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Elevation: 33 feet Latitude: 38 13N Longitude: 122 17W
The climate is moderate and smog-free with winter averages of 34/57.7, Spring 42/72, Summer 52.2/82.1 and Fall 42/81. Average rainfall is 23.88" per year, majority occurring from November to March. Annual Snowfall is 0.00".
Grapegrowing in Napa Through the Seasons
GRAPEGROWING IN NAPA THROUGH THE SEASONS...
Provided by the Napa Valley Vintners, www.napavinters.com
It’s a quiet time of year, but a crucial one for the success of the next harvest. Leafless vineyards are in the midst of their winter dormancy.
This is the time of year when pruning crews are going about the business of sculpting the vines for the next crop. These pruning stages have to take place at just the right times because if water gets into fresh prune “wounds” the vines can become susceptible to moisture-induced infections such as eutypa. When vineyardists avoid these kinds of infections, they avoid pricey treatments as well.
This is also the time of year for land preparation, weed control and for repairing or setting up new trellis systems.
Wineries are engaged in the usual mix of activities, which ranges from giving tours and tastings to rearranging barrels in storage facilities to bottling wines.
Area hillsides are carpeted in new green grass and tiny buds are appearing on trees and ornamentals throughout the area.
While the vines are in their seasonal dormant phase, the rain is replenishing the moisture load in the soil and helping to refill local reservoirs and underground aquifers. All this moisture will eventually help bring on the first buds and blossoms of our upcoming growing season.
Already, the valley is carpeted in butter-yellow mustard – a sure sign of spring. Pruning and tying of vines should be finished this month. Crews prepare and service machines and equipment for outdoor work.
The growing season is officially underway. Budbreak begins and new spring greenery is easily visible in vineyards as you make your way up and down the valley.
Budbreak is an annual stage in the growing season when vine buds crack open and small shoots emerge. It marks the end of the winter dormancy and the start of the new crop. Springtime sunshine warms up the valley and coaxes bud growth on vines.
Napa Valley becomes a sea of vineyard greenery. Almost overnight it seems the vines have gone from budbreak to growing thick clusters of new leaves.
Moisture encourages the sudden growth of “suckers,” which are tiny new shoots on the grapevines – vines which are already thick with leaves. Crews may be seen in vineyards thinning out that new shoot growth in a process called “suckering.” By removing this new growth, vineyard managers are leaving behind only the most vital vegetation, which will yield optimum fruit during our next harvest.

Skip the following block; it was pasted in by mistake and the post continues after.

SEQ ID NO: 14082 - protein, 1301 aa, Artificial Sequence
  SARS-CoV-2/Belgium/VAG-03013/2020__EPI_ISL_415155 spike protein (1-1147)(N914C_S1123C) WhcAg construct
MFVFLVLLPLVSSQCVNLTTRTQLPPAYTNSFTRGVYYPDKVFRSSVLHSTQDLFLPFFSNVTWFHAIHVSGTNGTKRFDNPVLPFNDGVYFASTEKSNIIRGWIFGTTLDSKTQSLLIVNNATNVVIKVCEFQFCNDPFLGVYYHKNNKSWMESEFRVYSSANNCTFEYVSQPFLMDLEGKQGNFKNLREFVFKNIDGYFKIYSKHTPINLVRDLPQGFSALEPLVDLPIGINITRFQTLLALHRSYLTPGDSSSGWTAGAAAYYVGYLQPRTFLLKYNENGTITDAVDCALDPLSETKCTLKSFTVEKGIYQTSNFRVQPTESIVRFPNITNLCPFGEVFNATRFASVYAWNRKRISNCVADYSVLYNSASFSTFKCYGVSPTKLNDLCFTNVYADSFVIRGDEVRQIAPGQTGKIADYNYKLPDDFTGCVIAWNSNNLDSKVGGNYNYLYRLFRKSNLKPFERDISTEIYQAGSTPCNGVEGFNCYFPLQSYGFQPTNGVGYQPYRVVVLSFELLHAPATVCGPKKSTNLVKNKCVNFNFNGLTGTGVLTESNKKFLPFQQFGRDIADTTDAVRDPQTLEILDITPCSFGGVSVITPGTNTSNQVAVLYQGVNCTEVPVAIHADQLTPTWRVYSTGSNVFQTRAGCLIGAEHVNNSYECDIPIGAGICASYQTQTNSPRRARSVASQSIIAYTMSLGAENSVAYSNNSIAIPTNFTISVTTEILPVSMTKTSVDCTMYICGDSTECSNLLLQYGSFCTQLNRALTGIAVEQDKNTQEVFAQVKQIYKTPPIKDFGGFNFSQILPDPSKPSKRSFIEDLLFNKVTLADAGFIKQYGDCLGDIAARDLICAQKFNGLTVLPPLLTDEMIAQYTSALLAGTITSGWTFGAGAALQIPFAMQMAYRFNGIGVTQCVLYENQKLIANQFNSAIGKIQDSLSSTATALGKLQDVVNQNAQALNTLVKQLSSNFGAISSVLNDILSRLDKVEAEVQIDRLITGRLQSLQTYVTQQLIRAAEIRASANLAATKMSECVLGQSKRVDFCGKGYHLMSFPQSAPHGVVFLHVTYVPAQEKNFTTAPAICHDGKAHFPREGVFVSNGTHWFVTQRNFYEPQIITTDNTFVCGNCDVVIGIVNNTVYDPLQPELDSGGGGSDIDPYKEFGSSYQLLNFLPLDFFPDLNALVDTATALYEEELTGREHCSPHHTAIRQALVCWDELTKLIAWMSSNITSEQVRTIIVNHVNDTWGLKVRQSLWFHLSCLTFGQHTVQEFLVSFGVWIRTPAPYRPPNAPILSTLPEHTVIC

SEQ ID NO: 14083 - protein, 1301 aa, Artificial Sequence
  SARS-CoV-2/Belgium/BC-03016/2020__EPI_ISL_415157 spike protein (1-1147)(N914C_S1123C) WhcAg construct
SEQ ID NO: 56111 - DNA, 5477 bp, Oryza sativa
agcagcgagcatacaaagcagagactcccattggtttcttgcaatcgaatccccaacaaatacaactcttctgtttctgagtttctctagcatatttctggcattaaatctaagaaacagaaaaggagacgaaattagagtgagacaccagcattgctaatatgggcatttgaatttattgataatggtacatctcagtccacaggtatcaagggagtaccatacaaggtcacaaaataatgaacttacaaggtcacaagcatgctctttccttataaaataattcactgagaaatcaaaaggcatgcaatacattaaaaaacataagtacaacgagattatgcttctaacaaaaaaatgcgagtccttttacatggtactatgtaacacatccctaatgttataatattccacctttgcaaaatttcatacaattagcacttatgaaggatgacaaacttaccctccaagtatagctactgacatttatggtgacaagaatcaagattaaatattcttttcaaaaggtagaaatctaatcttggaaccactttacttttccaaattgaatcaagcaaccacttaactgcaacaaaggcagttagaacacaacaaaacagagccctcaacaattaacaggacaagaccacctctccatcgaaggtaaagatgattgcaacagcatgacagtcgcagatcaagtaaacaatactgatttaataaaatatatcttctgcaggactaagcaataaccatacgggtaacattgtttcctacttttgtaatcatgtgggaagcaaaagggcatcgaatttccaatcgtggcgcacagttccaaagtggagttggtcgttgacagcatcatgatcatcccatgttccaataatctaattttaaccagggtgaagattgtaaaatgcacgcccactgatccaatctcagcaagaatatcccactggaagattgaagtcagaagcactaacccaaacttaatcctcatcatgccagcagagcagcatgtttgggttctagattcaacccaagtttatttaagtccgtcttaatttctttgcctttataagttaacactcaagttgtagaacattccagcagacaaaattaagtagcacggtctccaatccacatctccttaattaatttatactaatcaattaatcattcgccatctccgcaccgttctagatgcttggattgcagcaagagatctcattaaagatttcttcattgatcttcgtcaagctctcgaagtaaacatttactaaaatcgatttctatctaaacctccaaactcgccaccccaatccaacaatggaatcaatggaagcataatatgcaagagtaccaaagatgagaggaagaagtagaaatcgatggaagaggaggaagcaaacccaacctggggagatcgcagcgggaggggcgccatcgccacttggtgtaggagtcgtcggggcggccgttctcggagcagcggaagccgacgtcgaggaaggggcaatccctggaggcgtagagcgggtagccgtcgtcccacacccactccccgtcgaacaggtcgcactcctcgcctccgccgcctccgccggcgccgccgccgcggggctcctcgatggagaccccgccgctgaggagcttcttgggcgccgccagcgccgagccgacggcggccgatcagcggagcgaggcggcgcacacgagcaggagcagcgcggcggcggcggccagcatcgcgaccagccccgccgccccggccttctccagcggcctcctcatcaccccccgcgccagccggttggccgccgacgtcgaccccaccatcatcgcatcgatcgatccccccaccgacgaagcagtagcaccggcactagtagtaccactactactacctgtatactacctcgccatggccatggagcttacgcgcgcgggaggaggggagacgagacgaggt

Vineyard managers are mostly engaged in floor management at this time of year. This means the row space between the vines is being disced or mowed, depending on the vineyard’s soil management plan.
Vineyards are in a delicate phase between budbreak and bloom, when growers hope for near perfect spring weather. Any extremes in heat or cold or moisture can cause challenges for fruit production.
One way of protecting vines from extremes in cold is to mow or disc the ground between the vineyard rows. Cold air is heavy and tall grasses can trap it. When the vineyard “floor” is clear, chilly air can circulate out and allow warmer air in.
Vineyard managers are also micromanaging the growth of vines. This involves a process called “head suckering,” meaning that workers are removing shoots and spurs in the upper parts of vines. In “root suckering,” unwanted growth is removed from the vine’s rootstock and trunk. Growers want to leave the strongest shoots on the vine and want to thin out excess vegetation. This allows each vine to concentrate its energies on producing optimum fruit. Suckering also reduces the places where vine pests can make their homes – another sustainable farming practice found here in Napa Valley.
Heat is a perfect compliment to what happening in vineyards, where blooms are just beginning to appear on vines. Warm weather speeds up and enhances the pollination process and moves growing season past this very delicate phase of development.
Vineyards crews are busy with typical early season activities. The handwork includes moving trellis wires to support key shoots, and replanting. Greenhouses in the area are very busy, providing numerous vineyards with rootstock and new vines for the plantings that are common this time of year. Vines that go into the ground in damp springtime soil will get a good start by the time winter rolls around again.
Vineyard workers are involved in hedging and leaf removal. Both these activities are designed to give the grapes good exposure to sunlight and to offer the berries an optimal load of the vine’s nutrients.
Leaf removal helps control mildew or bunch rot, which could develop due to spring rains and is a commonly used alternative to fungicides. This month, vines begin to flower.
Vineyard floors are cleared to allow movement of air – a way to control the temperature of the vineyards. The vines have been hedged and “leafed” and secured to trellis systems. Vineyard crews are continuing hand management of the vines’ development, finding the right balance between greenery and fruit. Growers will also look at vine nutrition and monitor for pests in an effort ensure that this year's crop ripens properly. Most importantly, the grapes are clean and vines are full of generous clusters of tight, green, marble-sized berries.